4. The contention of the learned counsel for the petitioner seems to be that the plea of adultery on the part of the wife cannot be raised at the stage of enforcement of the order. It is only under separate proceedings that the matter can be agitated again and the order of maintenance got cancelled. In other words, his contention is that under Section 488 (3), Cr.P.C. it is not open to the husband to seek cancellation of the order for which separate provision has been made under Section 488 (5), Cr.P.C. Section 488 (3) lays down as under:
'If any person so ordered fails without sufficient cause to comply with the order, any such Magistrate may, for every breach of the order, issue a warrant for levying the amount due in manner herein before provided for levying fines, and may sentence such person, for the whole at any part of each month's allowance remaining unpaid after the execution of the warrant, to imprisonment for a term which may extend to one month or until payment if sooner made.'
While Sub-section (5) provides that:
'On proof that any wife in whose favour an order has been made under this section is living in adultery, or that without sufficient reason she refuses to live with her husband, or that they are living separately by mutual consent, the Magistrate shall cancel the order.'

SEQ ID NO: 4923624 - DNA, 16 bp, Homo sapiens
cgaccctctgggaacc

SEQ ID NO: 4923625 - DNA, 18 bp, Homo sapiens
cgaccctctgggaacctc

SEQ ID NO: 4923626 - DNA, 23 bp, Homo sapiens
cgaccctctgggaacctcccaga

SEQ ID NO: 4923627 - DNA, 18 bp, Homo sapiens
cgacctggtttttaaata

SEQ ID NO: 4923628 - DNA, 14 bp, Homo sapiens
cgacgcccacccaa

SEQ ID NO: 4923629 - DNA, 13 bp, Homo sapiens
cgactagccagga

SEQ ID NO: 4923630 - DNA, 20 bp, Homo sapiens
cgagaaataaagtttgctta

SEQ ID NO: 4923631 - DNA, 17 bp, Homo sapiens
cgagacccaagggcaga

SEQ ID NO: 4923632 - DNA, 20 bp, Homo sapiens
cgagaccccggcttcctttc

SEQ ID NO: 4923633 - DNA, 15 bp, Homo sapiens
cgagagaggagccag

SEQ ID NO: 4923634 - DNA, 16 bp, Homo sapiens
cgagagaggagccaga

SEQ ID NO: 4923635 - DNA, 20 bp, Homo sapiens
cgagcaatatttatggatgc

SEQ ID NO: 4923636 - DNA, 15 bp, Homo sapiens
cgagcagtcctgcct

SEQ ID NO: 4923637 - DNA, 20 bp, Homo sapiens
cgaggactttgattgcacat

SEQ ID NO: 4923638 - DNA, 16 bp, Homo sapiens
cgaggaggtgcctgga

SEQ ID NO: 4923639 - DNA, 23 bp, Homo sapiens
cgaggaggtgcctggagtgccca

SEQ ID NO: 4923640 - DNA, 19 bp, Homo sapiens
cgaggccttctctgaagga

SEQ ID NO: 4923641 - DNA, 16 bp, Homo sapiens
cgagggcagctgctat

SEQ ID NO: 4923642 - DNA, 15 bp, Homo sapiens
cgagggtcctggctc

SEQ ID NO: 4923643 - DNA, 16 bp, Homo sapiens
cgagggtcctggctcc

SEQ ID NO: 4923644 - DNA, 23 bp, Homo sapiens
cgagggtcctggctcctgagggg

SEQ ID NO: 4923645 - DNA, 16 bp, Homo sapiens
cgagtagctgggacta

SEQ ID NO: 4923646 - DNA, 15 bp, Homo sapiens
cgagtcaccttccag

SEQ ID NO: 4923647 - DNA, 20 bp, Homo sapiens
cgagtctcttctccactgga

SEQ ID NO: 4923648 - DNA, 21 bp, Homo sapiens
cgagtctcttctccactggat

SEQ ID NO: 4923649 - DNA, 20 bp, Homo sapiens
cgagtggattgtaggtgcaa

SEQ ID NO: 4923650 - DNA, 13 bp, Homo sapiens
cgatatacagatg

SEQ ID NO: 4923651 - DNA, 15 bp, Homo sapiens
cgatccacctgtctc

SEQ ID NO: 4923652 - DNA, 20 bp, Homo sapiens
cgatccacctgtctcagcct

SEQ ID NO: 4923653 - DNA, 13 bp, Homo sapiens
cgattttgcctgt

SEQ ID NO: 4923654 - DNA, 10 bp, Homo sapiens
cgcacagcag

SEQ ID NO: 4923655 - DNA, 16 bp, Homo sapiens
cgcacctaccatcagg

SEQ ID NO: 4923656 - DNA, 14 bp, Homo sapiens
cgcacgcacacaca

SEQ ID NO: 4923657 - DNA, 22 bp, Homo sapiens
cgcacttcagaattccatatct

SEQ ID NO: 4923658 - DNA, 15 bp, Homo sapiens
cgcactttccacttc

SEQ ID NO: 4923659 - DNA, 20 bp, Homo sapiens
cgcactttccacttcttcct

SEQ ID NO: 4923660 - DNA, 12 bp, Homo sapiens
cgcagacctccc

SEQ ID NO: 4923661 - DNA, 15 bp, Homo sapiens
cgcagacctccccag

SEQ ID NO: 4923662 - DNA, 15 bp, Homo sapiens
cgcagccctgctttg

5. Undoubtedly both the sub-sections contemplate a stage subsequent to the passing of the maintenance order, in the instant case, when the wife-petitioner applied for execution of the order in her favour the husband pleaded that he was not liable to pay as the petitioner was living in adultery. It is to be noted that the same plea was raised by the husband when the application for maintenance was filed but it was negatived by the Trial Court. Subsequent to the passing of the order he made some payments and it was only when the wife filed a petition for enforcing the order under Section 488 (3). Cr.P.C. that the husband came out with the same plea once again. In his written statement he gave elaborate reasons for withholding the evidence in regard to the unchastity of his wife and in para 6 has stated as under: